How much security is too much security?

Matt Tett

Matt Tett is the Managing Director of Enex TestLab, an independent testing laboratory with over 22 years history and a heritage stemming from RMIT University. Matt holds the following security certifications in good standing CISSP, CISM, CSEPS and CISA. He is a long standing committee member of the Australian Information Security Association (AISA), Melbourne branch, and is also a member of the Information Systems Audit and Control Association (ISACA). Enex TestLab can be found at blog at and can be found on twitter as @enextestlab.

Enex TestLab’s various divisions cut across a large number of industry sectors, perhaps more so than most organisations. From my perspective, we deal with an impressive number of organisations and individuals within those industries. Heading this organisation, therefore, requires me to wear a number of different hats in any given day. But the one common denominator is the humans that we need to interact with.

It is amazing how each industry really seems to attract certain individuals, one day I may write a book on the subject. But for now I’d like to look at two sectors we have had to work with on a regular basis, one is marketing and the other is security.

I really hate to say it *flame hat on* but there are many similarities, not so much with the individuals but with their mission within the business.

There is a saying often cited by my marketing colleagues that half of the money you’ll spend on advertising is wasted, but you just don’t know which half.

In a similarly awkward way, it’s only a good day for security when nothing happens. You can spend a lot of money to ensure no breaches are detected and none of the information, which may have even been leaked, is released publicly.

CSOs are constantly striving for better visibility of critical issues, while on the other hand fearful of a breach or release that they will ultimately wear.

Security teams within the business are focused on identifying the important information and communications channels in and out of the business, then classifying the type and value of that data, and providing risk assessments and gap analysis and seeking best practices for dealing with the security of that information. Which ultimately ends up as a dollar figure that needs to be signed off--or its back to the drawing board. And we all know that the buck does not stop there, it continues, with licencing, maintenance, vulnerability assessments, penetration tests, auditing, reporting etc.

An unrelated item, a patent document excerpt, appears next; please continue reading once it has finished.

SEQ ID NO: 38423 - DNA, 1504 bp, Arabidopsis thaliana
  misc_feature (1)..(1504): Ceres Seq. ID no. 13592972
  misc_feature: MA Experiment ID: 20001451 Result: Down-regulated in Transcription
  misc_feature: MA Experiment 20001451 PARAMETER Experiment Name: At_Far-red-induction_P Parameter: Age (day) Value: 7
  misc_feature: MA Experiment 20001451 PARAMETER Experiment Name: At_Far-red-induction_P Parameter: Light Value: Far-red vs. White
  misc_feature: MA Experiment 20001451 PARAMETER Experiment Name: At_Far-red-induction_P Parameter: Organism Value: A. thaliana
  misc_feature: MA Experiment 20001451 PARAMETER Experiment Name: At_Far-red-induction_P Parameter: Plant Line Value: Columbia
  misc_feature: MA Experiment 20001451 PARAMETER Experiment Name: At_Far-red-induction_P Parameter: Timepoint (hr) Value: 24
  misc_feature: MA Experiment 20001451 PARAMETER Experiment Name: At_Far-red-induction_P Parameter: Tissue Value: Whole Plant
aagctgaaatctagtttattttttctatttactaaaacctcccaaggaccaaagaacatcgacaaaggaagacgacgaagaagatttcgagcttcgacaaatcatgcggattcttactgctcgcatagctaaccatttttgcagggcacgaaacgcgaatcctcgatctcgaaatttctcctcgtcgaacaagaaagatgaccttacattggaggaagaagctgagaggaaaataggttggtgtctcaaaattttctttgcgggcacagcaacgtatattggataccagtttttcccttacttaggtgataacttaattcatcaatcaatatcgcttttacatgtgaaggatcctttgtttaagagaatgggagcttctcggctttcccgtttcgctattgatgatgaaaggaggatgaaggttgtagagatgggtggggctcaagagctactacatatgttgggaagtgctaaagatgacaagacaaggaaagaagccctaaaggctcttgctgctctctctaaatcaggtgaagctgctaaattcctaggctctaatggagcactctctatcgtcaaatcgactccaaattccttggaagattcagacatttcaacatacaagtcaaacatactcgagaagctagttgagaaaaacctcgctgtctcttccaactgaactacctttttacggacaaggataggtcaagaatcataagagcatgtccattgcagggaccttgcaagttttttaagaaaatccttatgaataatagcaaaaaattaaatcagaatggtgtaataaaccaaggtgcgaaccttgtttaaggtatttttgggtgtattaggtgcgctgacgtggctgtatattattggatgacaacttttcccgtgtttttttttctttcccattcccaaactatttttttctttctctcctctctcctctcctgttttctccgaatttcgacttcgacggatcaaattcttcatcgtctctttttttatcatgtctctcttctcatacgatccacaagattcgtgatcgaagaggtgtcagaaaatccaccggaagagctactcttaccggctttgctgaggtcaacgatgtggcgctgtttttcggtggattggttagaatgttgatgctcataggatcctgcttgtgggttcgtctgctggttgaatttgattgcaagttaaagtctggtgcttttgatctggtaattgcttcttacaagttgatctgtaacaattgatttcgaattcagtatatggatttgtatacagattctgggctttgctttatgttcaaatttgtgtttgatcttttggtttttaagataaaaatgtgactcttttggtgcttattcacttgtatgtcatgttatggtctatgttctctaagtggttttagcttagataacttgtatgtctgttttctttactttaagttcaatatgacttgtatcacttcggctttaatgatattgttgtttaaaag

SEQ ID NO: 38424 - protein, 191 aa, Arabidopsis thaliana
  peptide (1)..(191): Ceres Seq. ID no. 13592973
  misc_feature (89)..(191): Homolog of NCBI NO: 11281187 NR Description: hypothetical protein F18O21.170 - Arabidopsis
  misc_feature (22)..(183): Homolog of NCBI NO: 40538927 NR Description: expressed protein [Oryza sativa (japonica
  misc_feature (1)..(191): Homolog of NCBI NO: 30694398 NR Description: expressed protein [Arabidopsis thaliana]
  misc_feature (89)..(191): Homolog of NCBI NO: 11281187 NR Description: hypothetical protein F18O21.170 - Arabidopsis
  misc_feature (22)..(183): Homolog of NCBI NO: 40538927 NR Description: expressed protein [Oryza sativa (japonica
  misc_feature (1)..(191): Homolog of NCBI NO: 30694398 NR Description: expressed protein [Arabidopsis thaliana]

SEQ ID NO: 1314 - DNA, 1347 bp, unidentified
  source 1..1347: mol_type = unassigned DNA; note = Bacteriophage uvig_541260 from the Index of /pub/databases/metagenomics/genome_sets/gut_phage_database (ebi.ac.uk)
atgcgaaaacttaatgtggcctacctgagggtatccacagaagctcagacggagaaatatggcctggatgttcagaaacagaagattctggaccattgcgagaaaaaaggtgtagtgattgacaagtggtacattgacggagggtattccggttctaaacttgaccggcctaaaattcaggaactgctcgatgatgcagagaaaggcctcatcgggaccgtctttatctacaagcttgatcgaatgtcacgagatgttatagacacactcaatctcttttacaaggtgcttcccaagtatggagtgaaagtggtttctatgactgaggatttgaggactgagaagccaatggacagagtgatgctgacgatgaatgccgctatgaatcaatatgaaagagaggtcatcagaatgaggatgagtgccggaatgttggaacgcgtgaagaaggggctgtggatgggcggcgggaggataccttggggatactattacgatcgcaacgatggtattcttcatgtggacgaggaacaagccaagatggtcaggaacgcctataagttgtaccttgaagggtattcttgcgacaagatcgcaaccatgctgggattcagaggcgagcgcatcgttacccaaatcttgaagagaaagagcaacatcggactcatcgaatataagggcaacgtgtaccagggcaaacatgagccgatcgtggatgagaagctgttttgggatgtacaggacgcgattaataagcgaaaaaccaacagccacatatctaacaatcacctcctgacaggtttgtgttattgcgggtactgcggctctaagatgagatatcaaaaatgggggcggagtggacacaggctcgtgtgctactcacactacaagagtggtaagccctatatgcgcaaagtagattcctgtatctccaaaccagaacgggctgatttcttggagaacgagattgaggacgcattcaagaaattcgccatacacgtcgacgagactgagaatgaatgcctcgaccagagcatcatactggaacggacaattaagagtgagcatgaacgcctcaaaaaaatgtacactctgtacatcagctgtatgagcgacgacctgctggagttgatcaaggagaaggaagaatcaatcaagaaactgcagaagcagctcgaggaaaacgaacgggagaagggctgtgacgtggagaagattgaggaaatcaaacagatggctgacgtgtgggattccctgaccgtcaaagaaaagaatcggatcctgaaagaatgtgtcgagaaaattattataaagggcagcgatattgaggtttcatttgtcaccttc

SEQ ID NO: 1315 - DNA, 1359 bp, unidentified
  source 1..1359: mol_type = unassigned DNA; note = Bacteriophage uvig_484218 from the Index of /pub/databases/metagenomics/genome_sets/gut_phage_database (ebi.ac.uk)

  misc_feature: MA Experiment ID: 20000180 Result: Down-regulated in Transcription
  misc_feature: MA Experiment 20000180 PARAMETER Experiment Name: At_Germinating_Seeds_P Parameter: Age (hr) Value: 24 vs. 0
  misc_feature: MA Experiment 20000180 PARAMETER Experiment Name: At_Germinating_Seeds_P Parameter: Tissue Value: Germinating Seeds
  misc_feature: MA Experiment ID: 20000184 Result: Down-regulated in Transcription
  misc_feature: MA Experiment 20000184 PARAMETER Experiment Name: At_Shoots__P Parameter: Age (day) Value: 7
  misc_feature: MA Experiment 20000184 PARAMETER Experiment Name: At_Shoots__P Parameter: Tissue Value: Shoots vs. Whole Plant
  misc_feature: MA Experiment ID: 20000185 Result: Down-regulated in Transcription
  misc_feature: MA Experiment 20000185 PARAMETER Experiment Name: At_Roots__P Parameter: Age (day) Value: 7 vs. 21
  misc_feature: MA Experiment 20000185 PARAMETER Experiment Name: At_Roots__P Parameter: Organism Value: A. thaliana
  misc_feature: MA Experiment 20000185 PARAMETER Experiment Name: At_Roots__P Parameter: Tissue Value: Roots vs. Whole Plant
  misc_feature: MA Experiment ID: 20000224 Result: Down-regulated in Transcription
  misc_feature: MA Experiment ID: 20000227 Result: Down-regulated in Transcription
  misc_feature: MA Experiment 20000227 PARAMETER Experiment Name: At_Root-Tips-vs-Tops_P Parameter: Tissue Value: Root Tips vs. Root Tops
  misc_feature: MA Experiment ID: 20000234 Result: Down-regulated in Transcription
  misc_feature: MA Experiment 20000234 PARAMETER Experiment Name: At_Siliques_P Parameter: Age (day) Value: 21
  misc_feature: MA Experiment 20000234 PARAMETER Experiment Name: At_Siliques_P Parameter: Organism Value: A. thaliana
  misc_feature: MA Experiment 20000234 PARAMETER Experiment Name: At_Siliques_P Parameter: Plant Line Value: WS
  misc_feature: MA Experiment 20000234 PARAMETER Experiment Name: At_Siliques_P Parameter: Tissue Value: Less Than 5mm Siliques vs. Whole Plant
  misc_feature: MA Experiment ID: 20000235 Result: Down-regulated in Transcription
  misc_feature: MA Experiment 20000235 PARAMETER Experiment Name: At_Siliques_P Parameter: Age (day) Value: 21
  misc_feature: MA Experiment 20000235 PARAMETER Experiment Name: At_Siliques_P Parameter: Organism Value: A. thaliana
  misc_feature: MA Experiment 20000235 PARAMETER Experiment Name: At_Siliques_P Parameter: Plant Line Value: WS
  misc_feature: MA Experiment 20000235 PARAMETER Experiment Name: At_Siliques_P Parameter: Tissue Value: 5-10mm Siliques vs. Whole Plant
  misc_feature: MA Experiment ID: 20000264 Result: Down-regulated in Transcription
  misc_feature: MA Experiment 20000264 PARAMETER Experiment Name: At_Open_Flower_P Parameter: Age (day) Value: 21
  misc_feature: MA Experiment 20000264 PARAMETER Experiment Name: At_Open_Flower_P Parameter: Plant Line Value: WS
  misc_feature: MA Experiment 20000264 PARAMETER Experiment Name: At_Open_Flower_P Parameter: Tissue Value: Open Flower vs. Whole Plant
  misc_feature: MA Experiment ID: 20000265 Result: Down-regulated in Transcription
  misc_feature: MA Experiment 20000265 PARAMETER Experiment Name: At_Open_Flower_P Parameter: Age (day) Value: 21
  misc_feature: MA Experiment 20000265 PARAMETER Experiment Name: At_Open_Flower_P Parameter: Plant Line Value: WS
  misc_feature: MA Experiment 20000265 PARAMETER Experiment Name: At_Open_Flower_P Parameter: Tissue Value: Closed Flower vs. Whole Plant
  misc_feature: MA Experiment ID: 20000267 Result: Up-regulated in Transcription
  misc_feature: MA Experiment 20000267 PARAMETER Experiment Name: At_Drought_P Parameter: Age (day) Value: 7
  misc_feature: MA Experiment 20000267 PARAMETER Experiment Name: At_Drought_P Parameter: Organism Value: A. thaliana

The bottom line is, the business now realises they need security, they rely on the CSO and their team to provide them with a cost figure and the answer to, “how much security do we require?” How does a layman assess whether the input is worth it for the result, or is the CSO just protecting their patch? Where is the balance? How is it quantified?

It is similar with marketing. The business might understand it needs to do some advertising, but how much? And, what actually gives them a bang for buck? How is it quantified?

One thing I observe dealing with these business areas is their attention to detail in documentation. Now the paranoid security practitioner in me figures security is just covering their backsides with legal. However, the marketing guy in me argues it might be more the other way around. Both lines of work are on a razor edge all the time, and they are constantly being pushed down and told to justify themselves.

Not saying it is a bad thing, documentation is great, and has its place, generally as report output from an engagement. It is the reams and reams that are required up-front to enable “buy-in” from the business that consumes significant amounts of time, to be filed away in an anonymous location waiting for discovery by an undetected intruder searching for commercial information.

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